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AIA documents to reduce owner/architect litigation.

An expanded "owner-architect agreement" form just issued by the American Institute of Architects (AIA) is a major step toward reducing costly disputes within the real estate industry, according to Michael S. Zetlin, a partner in the law firm of Zetlin & De Chiara.

The new document, designated B163, provides for nine categories of services commonly rendered by architects, and exhaustively delineates the services within each category. It replaces B 161/162, which broke out only three categories.

"B163 helps all parties understand from the outset exactly what tasks the design professional will perform and what the owner or developer will be paying for," Zetlin said. "It may seem surprising, but that kind of understanding often has been lacking in recent years because the architect's role has expanded into so many new areas.

"The resulting ambiguities often have led to bad feelings and strained relationships and, at times, to legal disputes that waste money and energy in court or arbitration proceedings," the attorney added.

Zetlin, whose firm devotes its practice to the construction and real estate industries and the design professions, observes, for example, that architects increasingly are incorporating construction management (CM) functions into their scope of services. In fact, in May, the AIA published its first standardized document for agreements in which an architect provides CM services as an advisor to the owner.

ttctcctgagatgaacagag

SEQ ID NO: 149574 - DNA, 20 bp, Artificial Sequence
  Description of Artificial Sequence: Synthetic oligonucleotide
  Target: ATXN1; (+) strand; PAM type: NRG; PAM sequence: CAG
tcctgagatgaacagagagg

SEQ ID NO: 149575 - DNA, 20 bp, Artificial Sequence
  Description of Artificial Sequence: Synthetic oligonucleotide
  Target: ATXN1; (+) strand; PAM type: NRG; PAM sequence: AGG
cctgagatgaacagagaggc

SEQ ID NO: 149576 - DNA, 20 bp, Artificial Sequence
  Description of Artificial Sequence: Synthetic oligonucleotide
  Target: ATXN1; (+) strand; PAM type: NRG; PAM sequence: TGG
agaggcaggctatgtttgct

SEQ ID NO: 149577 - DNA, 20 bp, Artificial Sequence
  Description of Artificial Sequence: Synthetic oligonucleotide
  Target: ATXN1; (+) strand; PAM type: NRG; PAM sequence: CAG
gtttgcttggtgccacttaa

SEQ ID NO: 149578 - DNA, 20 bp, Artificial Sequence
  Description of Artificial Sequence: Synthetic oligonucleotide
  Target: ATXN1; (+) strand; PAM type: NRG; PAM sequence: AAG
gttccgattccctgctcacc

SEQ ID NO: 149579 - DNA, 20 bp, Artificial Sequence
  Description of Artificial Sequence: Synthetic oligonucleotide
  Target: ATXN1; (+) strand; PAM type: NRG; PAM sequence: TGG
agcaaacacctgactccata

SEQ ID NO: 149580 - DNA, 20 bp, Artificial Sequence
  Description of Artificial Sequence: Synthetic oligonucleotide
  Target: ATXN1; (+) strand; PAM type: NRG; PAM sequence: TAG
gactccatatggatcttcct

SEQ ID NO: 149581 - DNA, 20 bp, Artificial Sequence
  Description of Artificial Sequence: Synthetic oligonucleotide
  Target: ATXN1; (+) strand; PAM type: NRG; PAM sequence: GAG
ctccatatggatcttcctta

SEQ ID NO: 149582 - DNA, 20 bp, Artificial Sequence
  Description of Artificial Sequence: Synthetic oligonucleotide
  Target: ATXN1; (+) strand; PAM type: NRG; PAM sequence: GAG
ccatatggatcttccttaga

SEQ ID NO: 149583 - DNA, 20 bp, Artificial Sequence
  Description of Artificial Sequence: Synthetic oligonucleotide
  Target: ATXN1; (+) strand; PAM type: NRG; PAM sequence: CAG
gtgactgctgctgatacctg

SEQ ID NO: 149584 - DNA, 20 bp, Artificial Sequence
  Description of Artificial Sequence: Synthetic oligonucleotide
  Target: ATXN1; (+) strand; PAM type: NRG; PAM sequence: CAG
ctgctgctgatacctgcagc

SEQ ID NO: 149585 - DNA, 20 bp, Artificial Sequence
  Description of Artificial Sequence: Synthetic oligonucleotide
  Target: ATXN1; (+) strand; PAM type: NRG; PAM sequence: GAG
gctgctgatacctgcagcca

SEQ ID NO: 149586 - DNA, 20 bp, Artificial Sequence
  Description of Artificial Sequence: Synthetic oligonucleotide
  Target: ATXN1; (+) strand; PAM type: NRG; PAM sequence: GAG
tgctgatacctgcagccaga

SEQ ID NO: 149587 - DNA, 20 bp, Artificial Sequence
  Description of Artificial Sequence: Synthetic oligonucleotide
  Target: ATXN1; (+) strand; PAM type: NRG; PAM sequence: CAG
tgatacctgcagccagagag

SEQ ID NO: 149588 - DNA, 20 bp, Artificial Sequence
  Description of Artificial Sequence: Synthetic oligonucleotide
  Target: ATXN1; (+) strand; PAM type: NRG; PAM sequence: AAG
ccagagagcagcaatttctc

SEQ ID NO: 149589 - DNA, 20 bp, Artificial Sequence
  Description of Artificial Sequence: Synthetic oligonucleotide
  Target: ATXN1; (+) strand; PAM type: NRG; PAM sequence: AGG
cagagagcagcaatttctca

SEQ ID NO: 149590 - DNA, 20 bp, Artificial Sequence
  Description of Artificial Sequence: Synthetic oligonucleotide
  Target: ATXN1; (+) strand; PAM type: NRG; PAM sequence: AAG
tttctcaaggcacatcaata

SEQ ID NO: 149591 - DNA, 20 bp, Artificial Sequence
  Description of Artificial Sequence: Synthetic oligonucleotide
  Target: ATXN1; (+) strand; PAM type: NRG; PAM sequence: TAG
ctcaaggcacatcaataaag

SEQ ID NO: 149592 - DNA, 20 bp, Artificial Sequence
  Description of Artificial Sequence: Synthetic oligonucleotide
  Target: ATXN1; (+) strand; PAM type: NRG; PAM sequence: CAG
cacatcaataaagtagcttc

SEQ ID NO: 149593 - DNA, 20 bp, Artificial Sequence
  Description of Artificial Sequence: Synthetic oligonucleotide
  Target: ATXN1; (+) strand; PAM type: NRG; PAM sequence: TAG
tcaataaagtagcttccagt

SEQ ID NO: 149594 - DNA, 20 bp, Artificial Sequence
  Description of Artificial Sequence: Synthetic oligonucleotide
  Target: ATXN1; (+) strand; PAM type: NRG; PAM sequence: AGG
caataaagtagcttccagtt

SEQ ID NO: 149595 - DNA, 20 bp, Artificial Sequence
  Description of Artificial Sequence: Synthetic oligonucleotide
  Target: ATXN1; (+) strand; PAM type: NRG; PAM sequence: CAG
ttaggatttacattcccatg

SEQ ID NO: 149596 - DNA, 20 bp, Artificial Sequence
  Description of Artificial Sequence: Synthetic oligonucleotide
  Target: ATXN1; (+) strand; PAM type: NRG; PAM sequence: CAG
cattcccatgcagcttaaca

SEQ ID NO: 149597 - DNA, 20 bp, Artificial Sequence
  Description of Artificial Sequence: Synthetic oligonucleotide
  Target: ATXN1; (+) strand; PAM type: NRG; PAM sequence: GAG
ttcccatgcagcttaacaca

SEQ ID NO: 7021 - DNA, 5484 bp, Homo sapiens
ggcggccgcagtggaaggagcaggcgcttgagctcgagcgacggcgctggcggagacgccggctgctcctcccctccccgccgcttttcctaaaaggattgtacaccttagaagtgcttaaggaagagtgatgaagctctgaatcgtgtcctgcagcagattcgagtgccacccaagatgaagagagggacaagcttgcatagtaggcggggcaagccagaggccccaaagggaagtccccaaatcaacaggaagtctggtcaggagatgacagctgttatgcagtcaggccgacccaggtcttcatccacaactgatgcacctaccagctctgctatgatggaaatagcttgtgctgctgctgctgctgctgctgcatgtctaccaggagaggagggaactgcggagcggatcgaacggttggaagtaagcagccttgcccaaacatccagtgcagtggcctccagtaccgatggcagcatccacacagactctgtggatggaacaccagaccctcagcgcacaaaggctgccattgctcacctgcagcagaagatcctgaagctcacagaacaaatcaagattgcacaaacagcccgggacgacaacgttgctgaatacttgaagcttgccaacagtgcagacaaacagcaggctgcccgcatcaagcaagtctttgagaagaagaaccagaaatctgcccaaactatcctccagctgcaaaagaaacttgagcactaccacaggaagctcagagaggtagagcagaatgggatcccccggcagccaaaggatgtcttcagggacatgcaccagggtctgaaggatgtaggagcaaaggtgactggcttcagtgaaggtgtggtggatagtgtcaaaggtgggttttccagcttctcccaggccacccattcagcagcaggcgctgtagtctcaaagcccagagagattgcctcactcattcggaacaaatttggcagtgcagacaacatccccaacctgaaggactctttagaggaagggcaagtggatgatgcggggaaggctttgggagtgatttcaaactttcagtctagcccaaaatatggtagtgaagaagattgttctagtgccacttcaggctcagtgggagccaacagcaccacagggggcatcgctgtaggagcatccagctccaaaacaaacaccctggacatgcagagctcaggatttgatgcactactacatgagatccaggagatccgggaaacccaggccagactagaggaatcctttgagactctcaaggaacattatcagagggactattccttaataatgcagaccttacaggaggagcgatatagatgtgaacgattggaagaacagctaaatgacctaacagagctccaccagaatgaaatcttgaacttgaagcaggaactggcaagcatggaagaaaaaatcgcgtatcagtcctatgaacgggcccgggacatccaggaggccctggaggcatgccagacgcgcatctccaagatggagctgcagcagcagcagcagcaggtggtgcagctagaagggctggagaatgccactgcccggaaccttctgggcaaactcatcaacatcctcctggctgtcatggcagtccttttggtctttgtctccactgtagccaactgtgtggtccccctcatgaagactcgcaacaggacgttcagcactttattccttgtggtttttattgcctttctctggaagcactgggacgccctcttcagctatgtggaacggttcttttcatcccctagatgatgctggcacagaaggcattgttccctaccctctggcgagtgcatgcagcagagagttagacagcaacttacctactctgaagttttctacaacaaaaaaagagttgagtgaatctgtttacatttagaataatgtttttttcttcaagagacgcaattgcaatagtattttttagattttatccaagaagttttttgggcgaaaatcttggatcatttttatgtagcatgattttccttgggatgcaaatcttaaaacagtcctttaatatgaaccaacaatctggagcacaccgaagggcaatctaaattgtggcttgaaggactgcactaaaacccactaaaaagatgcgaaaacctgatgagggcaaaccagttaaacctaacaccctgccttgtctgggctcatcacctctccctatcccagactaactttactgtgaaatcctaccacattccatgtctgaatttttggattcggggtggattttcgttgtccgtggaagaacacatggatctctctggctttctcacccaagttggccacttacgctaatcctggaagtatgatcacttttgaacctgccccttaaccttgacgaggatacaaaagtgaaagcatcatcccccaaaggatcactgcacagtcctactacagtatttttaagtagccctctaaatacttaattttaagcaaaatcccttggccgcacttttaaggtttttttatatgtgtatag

"That's an important illustration of how relationships are changing and why confusion and disputes have become more common today," he said.

The AIA has called B163 a "significant evolutionary step in defining - and more precisely documenting - the scope of architects' services and compensation."

In an announcement, the institute said its new document enables architects to lay out all prospective services "in a format that works like an a la carte menu...allowing for a precise selection among a wide range of options." The anticipated results, says the AIA, are "realistic expectations and fewer surprises."

Zetlin notes that use of B163 is not mandatory, but predicts that owners and developers will be encountering it soon because "architects are likely to embrace it enthusiastically."
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Title Annotation:American Institute of Architects offers new form delineating owner-architect agreement for services rendered
Publication:Real Estate Weekly
Date:Aug 25, 1993
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